Jesus said to him, I am the way, the truth, and the life: no man comes to the Father, but by me.
The passage implies —
I. THAT IT IS A PRIMARY DUTY OF ALL INTELLIGENT BEINGS TO COME TO GOD. God is the Father of all spirits, of all beings, to whom He has given an intelligent nature, on whom He has conferred moral capacities. From that very circumstance it is their first and positive obligation, and will constitute their happiness to come to Him, i.e., to have constant intercourse with Him. There is something solemn and impressive about it. To come into contact with the eternal and infinite mind! We feel strongly when we have a prospect of coming into contact with some eminent person. But everything falls short of the idea of coming into the presence of God. And then to have a proper idea of our responsibility, and our being constantly under His eye — and yet it is our primary duty to delight in this, and to do it.
II. THAT THERE IS A VERY REMARKABLE SINGULARITY ABOUT THE WAY IN WHICH MAN IS TO COME TO GOD. "No man cometh unto the Father but by Me." Anything like that was never uttered in heaven. It never was uttered, and never will be, in any world in which the beings continue to be just as they proceeded from the hands of God. They delight in constant intercourse with God. Why is this? Worlds that have never fallen are in a state of natural religion. With respect to us who have fallen, if we come to God we must come in a particular manner. And the singularity of this arises from our guilt. God is to be viewed by us not merely as God, but as a God whom we have offended. And, therefore, there is some process required to mark our circumstances, both upon God's part and upon ours. And the peculiarity of the thing as revealed in Scripture is, that we are to come to God, through a Mediator, and to plead the work and sacrifice of the Lord Jesus Christ, and to ask the forgiveness of sin, in the consideration of that reason. Now all just wows of religion rest upon this foundation. The Deist rejects revelation and a mediator altogether, because he looks abroad on the face of the world, and he thinks that nothing more is necessary to come to God but some prayer and some expression of penitence. Then, again, some men reject the idea of the Divinity and sacrifice of Christ, and think it is enough to come to God, as professing to receive the truth of Christ. These views result from very inadequate impressions of the holiness and majesty of God and of the nature of sin, and of that kind of medium which is represented in the New Testament as the way into the presence of the holiest of all.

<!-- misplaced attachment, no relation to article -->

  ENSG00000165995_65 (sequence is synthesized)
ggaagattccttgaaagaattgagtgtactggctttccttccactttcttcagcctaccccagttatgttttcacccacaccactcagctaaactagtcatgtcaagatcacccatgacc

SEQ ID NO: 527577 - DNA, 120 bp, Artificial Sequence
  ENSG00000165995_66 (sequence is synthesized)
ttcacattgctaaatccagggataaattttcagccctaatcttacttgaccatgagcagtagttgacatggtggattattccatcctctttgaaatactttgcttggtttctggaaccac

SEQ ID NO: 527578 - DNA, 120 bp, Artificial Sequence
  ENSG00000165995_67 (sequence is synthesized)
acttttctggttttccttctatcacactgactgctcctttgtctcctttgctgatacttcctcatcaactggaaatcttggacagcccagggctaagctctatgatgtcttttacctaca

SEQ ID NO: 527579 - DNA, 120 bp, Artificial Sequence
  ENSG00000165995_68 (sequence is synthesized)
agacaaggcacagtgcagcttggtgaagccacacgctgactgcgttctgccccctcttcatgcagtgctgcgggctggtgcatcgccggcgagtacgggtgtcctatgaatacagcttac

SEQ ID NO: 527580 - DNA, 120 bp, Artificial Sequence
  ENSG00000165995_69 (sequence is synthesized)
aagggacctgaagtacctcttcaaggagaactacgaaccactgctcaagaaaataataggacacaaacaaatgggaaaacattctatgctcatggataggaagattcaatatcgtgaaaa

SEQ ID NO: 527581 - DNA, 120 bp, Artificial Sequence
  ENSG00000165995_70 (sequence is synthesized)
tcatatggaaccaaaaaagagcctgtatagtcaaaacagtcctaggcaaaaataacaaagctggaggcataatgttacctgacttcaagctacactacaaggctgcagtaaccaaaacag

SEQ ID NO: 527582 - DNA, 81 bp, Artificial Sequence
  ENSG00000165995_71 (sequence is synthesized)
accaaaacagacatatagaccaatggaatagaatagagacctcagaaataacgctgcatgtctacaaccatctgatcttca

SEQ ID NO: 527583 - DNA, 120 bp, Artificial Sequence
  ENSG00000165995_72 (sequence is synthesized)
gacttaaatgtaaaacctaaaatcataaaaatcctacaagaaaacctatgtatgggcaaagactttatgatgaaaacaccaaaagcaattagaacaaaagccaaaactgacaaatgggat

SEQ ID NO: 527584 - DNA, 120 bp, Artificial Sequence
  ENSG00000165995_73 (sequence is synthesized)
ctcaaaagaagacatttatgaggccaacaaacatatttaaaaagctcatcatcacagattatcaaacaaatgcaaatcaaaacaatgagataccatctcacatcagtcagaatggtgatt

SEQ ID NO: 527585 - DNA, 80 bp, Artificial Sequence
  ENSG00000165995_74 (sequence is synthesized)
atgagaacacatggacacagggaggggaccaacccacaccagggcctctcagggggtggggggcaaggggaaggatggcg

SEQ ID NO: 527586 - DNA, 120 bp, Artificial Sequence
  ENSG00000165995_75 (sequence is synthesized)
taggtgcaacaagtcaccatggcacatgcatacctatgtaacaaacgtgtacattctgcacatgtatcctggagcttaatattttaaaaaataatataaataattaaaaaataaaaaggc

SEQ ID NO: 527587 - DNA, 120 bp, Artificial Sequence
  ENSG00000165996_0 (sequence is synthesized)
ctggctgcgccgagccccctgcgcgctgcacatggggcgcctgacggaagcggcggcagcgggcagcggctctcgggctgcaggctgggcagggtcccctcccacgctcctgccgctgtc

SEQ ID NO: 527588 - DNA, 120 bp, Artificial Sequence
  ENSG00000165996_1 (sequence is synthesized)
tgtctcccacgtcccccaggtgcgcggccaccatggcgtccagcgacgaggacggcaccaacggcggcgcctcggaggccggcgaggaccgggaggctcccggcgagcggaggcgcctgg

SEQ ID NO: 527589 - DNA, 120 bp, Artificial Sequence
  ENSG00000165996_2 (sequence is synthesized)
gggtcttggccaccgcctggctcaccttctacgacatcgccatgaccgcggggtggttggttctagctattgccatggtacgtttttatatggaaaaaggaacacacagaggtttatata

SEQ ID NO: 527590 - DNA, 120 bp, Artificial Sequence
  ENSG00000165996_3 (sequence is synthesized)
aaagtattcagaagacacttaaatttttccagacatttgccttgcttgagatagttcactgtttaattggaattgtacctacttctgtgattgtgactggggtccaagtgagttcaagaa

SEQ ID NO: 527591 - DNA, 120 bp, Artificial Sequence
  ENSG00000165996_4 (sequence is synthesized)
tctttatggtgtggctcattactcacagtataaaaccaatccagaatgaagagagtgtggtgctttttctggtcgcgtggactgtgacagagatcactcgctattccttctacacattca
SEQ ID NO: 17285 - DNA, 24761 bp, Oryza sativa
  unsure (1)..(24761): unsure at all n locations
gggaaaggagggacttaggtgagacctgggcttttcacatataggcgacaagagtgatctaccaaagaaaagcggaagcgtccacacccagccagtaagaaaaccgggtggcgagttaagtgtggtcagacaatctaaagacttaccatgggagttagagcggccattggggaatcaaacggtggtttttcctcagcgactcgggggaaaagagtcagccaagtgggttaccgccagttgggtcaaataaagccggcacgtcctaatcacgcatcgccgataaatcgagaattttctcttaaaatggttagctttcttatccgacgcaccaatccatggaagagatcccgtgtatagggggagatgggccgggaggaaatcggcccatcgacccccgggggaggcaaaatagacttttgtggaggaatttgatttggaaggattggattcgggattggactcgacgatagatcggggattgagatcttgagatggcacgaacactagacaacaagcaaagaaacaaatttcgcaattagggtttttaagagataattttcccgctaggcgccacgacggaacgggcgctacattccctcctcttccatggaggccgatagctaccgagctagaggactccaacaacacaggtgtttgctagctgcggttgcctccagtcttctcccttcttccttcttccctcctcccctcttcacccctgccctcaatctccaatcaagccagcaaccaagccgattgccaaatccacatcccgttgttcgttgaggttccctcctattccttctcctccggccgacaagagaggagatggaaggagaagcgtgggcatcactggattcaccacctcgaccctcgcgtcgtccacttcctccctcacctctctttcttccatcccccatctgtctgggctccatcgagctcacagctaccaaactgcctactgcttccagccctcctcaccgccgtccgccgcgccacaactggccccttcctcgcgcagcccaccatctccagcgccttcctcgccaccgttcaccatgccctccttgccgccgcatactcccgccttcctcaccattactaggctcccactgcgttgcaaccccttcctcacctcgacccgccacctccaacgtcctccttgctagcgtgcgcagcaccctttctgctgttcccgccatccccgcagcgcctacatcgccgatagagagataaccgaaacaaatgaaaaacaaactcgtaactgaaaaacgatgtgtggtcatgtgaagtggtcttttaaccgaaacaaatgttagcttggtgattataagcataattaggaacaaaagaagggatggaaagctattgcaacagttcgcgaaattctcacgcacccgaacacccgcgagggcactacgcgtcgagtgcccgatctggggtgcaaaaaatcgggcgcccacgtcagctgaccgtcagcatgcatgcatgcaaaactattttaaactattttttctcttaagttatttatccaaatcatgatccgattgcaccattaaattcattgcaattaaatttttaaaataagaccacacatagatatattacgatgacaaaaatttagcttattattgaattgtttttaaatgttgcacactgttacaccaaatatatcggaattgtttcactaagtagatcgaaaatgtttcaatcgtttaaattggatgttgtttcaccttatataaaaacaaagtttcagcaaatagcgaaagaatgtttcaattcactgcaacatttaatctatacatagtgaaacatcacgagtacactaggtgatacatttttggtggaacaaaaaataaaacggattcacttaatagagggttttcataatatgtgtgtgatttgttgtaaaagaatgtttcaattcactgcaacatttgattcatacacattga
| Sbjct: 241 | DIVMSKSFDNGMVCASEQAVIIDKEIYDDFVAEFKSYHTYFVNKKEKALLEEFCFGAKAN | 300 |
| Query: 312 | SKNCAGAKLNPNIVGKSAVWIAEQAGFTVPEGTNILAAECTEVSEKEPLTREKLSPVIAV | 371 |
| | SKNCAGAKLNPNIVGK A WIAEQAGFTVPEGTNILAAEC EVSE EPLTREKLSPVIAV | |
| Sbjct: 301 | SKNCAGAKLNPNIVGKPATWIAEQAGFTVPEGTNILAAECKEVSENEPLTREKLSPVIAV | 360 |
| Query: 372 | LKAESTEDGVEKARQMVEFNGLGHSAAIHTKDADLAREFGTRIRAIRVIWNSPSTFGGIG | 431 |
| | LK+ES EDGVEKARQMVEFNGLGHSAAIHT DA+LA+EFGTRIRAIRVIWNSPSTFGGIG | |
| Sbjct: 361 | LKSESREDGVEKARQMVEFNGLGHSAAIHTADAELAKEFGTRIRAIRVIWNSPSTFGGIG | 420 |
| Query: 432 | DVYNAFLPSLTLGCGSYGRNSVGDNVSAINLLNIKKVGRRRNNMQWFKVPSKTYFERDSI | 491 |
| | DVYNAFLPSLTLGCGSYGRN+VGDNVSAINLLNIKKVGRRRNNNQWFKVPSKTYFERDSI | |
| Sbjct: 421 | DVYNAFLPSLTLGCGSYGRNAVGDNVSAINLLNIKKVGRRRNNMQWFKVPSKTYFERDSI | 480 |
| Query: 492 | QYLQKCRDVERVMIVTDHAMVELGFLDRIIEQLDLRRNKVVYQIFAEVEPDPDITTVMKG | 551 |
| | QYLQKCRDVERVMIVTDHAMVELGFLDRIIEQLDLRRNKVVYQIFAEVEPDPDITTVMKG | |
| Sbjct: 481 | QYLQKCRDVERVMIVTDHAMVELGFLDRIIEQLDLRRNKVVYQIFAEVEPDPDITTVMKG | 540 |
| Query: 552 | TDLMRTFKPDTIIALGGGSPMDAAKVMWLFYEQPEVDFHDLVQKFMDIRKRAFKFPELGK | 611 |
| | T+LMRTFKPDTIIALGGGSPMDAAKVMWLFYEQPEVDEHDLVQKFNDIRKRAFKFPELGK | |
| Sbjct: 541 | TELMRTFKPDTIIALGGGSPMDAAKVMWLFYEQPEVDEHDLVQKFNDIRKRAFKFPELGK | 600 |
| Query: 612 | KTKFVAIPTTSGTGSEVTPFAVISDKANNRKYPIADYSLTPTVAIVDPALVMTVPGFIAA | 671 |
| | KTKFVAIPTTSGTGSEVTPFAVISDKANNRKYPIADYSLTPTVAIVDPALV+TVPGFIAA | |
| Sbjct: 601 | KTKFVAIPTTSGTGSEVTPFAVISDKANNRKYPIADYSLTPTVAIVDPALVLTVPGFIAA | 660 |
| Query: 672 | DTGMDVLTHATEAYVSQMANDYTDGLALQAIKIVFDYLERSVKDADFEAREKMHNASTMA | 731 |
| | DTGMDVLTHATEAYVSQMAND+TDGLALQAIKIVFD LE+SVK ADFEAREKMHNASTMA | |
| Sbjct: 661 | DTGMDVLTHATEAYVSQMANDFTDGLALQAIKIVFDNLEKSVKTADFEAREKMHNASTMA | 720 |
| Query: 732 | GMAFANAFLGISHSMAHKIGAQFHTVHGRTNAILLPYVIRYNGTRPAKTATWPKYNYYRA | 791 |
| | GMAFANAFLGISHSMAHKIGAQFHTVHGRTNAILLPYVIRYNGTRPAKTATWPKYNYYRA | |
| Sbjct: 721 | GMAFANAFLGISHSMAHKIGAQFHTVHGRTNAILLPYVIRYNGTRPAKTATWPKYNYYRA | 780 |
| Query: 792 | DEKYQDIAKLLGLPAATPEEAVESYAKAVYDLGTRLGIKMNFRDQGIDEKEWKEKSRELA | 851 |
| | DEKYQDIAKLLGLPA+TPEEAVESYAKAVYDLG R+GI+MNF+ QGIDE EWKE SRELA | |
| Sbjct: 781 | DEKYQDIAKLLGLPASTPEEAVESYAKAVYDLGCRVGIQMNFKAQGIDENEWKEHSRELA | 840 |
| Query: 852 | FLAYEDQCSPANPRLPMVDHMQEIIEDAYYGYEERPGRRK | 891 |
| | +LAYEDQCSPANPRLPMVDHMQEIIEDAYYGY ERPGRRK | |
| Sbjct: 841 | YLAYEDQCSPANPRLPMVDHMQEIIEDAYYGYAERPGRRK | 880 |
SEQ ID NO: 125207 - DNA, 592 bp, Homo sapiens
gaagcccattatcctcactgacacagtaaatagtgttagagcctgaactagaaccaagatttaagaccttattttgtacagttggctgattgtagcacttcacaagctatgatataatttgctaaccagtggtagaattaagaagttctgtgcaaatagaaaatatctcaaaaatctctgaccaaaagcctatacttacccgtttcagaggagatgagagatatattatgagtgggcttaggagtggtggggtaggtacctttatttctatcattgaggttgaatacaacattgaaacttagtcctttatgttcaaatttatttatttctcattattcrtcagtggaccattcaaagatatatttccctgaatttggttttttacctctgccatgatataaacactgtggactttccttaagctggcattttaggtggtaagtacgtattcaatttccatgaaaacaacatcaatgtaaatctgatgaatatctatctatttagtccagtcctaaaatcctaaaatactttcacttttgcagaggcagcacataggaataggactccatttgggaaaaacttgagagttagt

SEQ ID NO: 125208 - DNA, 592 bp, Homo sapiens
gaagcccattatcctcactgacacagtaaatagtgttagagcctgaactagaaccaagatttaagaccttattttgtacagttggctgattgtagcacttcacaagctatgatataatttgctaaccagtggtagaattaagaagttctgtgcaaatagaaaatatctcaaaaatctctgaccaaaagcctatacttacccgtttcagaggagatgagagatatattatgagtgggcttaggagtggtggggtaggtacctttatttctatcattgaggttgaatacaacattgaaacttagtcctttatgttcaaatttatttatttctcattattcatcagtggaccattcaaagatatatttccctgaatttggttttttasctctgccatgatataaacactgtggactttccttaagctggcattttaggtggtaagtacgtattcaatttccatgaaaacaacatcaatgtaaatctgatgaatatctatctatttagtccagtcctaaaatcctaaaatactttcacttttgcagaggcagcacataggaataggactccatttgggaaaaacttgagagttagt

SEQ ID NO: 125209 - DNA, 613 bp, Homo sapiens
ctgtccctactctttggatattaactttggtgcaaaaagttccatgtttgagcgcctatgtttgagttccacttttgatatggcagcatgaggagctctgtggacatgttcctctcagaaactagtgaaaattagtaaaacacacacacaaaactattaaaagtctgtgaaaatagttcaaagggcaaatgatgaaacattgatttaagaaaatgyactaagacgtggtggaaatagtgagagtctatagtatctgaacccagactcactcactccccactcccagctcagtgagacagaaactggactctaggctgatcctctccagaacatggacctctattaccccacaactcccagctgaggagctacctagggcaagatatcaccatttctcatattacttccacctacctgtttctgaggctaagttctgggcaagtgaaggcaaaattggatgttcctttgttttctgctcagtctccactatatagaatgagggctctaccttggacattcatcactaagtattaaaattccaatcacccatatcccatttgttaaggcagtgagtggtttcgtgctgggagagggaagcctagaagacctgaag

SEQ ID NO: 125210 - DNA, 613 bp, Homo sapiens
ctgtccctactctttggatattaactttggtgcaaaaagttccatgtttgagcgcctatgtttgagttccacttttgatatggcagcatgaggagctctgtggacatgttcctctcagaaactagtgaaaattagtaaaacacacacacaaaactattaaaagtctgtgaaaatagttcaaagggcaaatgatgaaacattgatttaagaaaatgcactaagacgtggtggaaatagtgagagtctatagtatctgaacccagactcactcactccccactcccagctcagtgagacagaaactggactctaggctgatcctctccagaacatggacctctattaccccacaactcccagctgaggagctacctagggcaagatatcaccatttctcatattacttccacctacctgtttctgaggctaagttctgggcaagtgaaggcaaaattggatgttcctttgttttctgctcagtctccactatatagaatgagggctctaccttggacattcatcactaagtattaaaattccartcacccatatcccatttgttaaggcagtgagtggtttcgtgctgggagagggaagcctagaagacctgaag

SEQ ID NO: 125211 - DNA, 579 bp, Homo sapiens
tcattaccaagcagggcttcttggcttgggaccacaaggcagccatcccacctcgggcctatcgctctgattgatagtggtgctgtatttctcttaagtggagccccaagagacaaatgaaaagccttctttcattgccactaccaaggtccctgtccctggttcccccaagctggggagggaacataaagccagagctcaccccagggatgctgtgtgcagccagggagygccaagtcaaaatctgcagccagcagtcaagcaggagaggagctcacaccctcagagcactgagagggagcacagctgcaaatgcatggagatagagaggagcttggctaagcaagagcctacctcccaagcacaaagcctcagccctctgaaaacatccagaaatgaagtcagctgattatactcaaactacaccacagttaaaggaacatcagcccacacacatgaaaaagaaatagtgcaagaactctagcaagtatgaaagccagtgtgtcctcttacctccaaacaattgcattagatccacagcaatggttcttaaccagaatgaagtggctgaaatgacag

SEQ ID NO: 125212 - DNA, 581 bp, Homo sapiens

III. THAT IN COMING TO GOD IT BECOMES US TO HAVE RESPECT TO THE MEDIATOR, AND TO COME ON THE SPECIFIC BUSINESS FOR WHICH HE IS APPOINTED. Only imagine that one of your children, or several of them, had deeply and grievously offended you. Or imagine the case of a monarch, against whom a certain portion of his subjects had rebelled. Imagine, in either of these cases, that some kind and gracious and affectionate declaration of readiness to forgive on certain conditions and in a certain way. And just imagine that either the child, or the subject should dare to come into the presence of the parent or of the sovereign, unconcerned about the matter wherein they had offended. Imagine that your child, without adverting to the circumstances of his actual offence, and of your displeasure, and to the plan which you had designed by which reconciliation might be effected between you — that your child came and praised the properties of your character, and rejoiced in the genuine affections of your nature, and the principles of your behaviour, and praising your heart, or your hands, or your head. Or conceive of the subjects entering the presence chamber of their monarch, and that without adverting to the proclamation that had been made, they should come and unite together in some manifestation of their feelings with regard to his government and his reign, and the happiness of his subjects; never once referring to the business on which they were supposed to come. Would there not be something monstrous in all this? And do you not perceive that the child would increase his offence, and that the subjects would add something like ingratitude and contempt to their rebellion? There are many who just treat God in this way.
IV. THAT IN COMING IN THE WAY THAT HAS BEEN POINTED OUT WE HAVE EVERY ENCOURAGEMENT; AND WE SHALL FIND IT TO BE SUFFICIENT. We shall have a welcome, and shall surely receive whatever is requisite to ensure for us happiness and satisfaction. "No man cometh unto the Father but by Me." But "whoever cometh I will in no wise cast out." And the reason why you do not enjoy all this is, because you will not.
V. THAT THOSE WHO COME TO GOD BY THE MEDIATOR, AND THEY ONLY, ARE PREPARED FOR DWELLING WITH GOD HEREAFTER. It is not enough to die, and be happy, as some people seem to imagine; you may die and be damned — the Bible says so.
VI. THAT THIS SUBJECT IS EXCEEDINGLY FORGOTTEN AND NEGLECTED BY MEN.
1. There are many men who never come to God at all. They never come in any way; they never think of it.
2. There are others who come to God, professedly, but in the wrong way. They do not come to the Father by the Son.
3. There are others who neglect the spirit of this declaration. They profess to come in the right way; but the particular exercises, and the positive enjoyments of religion, are to them an end of itself.
Parallel VersesKJV: Jesus saith unto him, I am the way, the truth, and the life: no man cometh unto the Father, but by me.